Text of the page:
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Look Backward, Move Forward

 Janus-Faced? 

Janus Face

 

 

Every screenplay should tell a tale in a way that draws the audience in and pulls them along with the story; it doesn’t mean that the story always moves forward: sometimes it stands still (think Gus Van Sant’s nihilistic “Gerry,” or Vincent Gallo’s oddball “The Brown Bunny”), or perhaps it actually moves backwards, like “Memento” or “The Curious Case of Benjamin Button.” But usually, the film’s story and plot move forward… 

But that’s not necessarily the way the medium of film is best understood. Sure, looking forward yields the new, the untried, the unique – unless you remember the past and realize it’s actually been done before. All you really need to do is go back to cinema history to recognize the forerunners of today’s ‘cutting-edge’ films.’ “Paranormal Activity” was preceded by 1999’s “The Blair Witch Project,” which owes a great deal to various cinema precedents like “The House on Haunted Hill” or even German expressionist filmmaker Robert Wiene’s “The Cabinet of Dr. Caligiri.” Stylized camera angles, expressionistic lighting, deliberate pacing and strategically-timed action is nothing new: if you look backward, you’ll see it’s all somehow been done before..  Granted, CGI and creative visual effects may mean that the scare will carry a heavier scream decibel level, but the bottom line is that someone’s probably thought of it before; so now, you, as a writer, can improve on it!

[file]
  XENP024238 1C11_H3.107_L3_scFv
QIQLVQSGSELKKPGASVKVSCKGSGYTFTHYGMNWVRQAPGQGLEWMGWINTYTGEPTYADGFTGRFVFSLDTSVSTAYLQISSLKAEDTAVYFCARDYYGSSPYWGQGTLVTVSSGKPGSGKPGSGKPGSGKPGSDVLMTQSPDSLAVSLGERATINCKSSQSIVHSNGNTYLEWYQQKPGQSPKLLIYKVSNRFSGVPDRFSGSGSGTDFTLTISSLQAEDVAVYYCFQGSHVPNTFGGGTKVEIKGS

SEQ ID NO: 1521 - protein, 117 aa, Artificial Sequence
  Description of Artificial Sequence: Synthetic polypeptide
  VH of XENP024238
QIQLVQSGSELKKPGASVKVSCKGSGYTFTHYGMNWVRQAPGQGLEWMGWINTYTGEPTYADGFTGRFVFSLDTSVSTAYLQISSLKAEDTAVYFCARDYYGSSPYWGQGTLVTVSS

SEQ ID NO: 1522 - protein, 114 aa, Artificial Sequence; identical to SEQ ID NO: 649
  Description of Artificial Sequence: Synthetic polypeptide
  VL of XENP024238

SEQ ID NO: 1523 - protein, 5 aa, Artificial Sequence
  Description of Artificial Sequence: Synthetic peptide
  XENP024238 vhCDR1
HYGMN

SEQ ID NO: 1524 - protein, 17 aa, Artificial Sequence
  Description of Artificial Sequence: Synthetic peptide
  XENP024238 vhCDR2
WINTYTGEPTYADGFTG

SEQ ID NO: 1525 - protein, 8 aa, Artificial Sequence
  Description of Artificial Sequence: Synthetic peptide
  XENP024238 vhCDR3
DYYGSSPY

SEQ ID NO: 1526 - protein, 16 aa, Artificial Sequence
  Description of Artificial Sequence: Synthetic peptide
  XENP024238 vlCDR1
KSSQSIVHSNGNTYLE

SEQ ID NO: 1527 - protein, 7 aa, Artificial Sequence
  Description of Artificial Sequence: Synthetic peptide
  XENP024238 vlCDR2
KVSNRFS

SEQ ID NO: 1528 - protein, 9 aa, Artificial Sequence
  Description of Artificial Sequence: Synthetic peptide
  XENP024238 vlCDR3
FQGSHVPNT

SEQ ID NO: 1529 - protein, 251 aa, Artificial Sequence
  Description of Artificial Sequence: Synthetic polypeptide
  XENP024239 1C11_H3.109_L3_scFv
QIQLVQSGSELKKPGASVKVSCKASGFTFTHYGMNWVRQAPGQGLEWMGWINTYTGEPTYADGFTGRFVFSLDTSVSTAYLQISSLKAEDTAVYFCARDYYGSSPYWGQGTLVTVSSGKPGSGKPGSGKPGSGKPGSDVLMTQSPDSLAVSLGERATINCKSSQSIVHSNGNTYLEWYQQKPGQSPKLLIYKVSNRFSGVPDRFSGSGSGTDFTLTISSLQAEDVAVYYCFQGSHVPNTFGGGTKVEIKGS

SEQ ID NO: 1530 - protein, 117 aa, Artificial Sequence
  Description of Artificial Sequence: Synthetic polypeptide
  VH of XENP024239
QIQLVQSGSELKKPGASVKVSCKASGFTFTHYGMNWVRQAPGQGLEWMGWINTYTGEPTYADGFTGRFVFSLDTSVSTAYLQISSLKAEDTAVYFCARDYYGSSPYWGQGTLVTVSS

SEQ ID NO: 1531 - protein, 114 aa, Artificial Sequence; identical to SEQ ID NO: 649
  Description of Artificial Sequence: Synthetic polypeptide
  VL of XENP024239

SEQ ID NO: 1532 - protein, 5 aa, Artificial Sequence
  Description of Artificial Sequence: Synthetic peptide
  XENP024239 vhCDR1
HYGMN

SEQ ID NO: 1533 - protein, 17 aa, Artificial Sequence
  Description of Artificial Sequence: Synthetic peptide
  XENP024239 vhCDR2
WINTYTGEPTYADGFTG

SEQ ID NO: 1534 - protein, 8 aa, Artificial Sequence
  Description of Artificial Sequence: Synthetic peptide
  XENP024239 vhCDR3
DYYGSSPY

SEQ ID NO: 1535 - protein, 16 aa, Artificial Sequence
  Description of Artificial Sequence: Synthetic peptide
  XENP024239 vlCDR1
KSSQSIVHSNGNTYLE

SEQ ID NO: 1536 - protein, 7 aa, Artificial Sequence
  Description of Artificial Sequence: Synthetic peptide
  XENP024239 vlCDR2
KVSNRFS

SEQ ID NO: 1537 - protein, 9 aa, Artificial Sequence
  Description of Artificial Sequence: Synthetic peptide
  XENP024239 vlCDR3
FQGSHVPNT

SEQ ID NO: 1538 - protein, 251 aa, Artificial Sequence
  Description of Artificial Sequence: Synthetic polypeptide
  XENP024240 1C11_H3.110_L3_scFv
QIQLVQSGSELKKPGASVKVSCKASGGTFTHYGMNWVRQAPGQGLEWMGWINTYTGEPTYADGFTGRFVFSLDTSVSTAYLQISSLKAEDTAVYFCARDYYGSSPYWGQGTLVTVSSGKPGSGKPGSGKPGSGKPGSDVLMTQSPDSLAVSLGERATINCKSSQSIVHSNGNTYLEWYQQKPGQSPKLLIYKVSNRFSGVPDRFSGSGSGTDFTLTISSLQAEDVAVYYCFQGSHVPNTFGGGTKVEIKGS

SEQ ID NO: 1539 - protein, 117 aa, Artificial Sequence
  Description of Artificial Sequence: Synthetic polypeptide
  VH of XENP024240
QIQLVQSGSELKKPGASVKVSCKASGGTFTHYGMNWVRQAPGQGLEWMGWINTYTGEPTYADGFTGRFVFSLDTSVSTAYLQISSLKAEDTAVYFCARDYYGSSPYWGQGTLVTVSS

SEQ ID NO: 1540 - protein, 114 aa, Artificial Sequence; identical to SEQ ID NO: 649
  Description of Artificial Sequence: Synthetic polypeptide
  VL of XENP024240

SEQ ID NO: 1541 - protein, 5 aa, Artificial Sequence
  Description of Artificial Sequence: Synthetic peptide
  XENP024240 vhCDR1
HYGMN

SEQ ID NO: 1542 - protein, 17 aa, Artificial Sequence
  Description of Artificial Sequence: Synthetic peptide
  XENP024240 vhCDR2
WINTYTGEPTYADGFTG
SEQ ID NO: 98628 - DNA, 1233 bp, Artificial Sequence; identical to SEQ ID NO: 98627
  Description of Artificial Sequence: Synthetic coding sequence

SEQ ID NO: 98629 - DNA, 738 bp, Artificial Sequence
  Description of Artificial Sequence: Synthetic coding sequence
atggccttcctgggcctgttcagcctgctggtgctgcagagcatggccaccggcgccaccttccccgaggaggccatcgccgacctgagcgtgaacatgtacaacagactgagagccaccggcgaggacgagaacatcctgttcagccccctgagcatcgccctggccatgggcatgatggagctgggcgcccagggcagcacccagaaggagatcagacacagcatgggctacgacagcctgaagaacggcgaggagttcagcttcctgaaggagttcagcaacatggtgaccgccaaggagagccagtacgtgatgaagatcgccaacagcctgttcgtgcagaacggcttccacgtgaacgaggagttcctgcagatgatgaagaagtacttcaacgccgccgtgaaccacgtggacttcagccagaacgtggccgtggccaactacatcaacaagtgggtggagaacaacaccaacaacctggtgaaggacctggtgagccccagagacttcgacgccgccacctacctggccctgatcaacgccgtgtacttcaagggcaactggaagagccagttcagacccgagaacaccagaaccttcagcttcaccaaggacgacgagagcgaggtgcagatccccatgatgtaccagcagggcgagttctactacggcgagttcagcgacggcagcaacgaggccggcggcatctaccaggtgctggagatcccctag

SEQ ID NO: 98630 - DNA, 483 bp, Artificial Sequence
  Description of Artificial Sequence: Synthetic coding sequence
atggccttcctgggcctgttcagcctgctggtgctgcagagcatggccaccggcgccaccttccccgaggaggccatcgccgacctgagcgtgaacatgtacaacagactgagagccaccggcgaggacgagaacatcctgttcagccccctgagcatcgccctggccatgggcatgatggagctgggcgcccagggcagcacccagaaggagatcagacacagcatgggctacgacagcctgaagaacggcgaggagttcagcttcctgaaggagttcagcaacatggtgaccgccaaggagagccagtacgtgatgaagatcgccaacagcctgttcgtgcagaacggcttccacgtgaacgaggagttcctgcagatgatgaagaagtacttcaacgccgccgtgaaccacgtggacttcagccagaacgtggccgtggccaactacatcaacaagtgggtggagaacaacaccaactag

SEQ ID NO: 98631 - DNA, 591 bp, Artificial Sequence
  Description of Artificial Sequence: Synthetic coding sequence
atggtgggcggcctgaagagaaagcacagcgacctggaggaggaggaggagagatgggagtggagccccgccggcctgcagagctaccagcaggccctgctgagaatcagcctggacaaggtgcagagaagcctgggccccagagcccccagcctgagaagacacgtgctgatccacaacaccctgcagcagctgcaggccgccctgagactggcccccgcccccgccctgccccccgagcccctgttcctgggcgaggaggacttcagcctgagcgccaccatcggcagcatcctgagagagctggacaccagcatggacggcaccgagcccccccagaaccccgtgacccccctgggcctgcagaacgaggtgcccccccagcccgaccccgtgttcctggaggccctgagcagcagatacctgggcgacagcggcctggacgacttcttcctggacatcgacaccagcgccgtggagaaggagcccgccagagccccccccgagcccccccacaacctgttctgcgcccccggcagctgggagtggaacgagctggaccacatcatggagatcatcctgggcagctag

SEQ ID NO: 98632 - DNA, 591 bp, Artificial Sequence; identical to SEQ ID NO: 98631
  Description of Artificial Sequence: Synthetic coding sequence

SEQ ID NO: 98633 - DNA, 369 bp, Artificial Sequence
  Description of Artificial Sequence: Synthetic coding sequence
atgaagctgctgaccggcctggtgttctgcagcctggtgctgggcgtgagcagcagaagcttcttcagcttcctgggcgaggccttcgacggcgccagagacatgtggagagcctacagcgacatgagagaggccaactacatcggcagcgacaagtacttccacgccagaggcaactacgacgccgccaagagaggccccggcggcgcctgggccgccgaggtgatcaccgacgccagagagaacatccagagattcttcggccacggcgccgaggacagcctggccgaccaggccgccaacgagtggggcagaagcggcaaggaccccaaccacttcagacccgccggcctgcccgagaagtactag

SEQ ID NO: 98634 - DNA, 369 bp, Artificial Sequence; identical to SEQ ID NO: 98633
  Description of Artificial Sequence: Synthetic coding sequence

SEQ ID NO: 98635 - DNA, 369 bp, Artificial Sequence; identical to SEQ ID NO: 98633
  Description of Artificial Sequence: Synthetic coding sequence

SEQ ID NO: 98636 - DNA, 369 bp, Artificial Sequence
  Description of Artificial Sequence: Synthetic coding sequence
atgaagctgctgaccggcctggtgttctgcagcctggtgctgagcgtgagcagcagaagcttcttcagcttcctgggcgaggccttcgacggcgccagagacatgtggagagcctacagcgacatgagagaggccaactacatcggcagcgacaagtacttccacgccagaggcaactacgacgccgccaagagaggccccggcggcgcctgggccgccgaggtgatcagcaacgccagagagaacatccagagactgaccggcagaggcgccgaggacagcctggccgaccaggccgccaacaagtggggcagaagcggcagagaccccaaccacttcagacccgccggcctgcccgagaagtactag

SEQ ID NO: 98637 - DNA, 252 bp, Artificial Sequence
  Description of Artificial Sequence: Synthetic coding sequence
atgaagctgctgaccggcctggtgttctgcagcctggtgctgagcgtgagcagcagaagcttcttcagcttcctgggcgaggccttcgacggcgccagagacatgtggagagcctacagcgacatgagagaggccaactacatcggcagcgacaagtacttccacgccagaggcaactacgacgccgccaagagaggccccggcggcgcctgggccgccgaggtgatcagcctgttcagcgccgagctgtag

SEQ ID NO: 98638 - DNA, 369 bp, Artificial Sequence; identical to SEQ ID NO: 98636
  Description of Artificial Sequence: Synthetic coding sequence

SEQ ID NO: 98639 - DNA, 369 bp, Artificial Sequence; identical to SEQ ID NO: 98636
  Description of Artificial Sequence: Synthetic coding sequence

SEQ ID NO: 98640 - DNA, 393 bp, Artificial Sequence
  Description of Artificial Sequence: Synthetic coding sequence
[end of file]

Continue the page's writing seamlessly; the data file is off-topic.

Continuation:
So the best way to write a good new movie is to know lots of old movies. And, as far as I’m concerened, the older and worse the better: I’ve always enjoyed finding the ‘seams’ in a bad movie, so I’ll confess I watch as many ‘bad’ movies as good ones. Sure, it’s fun to watch a classic like Alfred Hitchcock’s “Strangers on a Train,” but it’s just as much fun to watch an obscure wanna-be, like “Zabriskie Point,” a ‘failed experiment’ by eminent Italian director Michelangelo Antonioni. (By the way, if you want a great experience in ‘existential cinema,’ watch Antonioni’s compelling collaboration with actor/pal Jack Nicholson, “The Passenger.” Just don’t try to understand everything you see – that’s the secret of Antonioni: some things are just too enigmatic to comprehend fully.)  

Antonioni and Nicholson on the set of "The Passenger," 1975

 

But if you want to understand the future of film… look backward. See a startling image? It’s the future rushing to complement everything you’ve known before.

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